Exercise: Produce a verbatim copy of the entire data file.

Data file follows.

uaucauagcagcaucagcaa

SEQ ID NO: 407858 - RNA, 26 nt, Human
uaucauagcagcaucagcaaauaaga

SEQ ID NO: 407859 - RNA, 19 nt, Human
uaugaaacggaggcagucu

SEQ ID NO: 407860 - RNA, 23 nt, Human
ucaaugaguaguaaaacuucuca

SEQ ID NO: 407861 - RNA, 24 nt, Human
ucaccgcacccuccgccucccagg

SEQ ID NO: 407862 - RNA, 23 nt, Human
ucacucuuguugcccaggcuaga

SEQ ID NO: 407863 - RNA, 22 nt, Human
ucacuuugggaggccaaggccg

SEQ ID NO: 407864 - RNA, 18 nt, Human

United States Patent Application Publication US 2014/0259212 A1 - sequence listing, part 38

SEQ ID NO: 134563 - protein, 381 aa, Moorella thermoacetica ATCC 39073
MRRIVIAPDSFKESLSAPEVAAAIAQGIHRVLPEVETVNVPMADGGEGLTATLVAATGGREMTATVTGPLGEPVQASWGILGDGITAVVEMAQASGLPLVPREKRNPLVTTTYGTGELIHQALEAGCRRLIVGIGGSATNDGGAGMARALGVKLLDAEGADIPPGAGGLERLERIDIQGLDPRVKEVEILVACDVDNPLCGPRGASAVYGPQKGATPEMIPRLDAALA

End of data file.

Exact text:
uaucauagcagcaucagcaa

SEQ ID NO: 407858 - RNA, 26 nt, Human
uaucauagcagcaucagcaaauaaga

SEQ ID NO: 407859 - RNA, 19 nt, Human
uaugaaacggaggcagucu

SEQ ID NO: 407860 - RNA, 23 nt, Human
ucaaugaguaguaaaacuucuca

SEQ ID NO: 407861 - RNA, 24 nt, Human
ucaccgcacccuccgccucccagg

SEQ ID NO: 407862 - RNA, 23 nt, Human
ucacucuuguugcccaggcuaga

SEQ ID NO: 407863 - RNA, 22 nt, Human
ucacuuugggaggccaaggccg

SEQ ID NO: 407864 - RNA, 18 nt, Human

United States Patent Application Publication US 2014/0259212 A1 - sequence listing, part 38

SEQ ID NO: 134563 - protein, 381 aa, Moorella thermoacetica ATCC 39073
MRRIVIAPDSFKESLSAPEVAAAIAQGIHRVLPEVETVNVPMADGGEGLTATLVAATGGREMTATVTGPLGEPVQASWGILGDGITAVVEMAQASGLPLVPREKRNPLVTTTYGTGELIHQALEAGCRRLIVGIGGSATNDGGAGMARALGVKLLDAEGADIPPGAGGLERLERIDIQGLDPRVKEVEILVACDVDNPLCGPRGASAVYGPQKGATPEMIPRLDAALA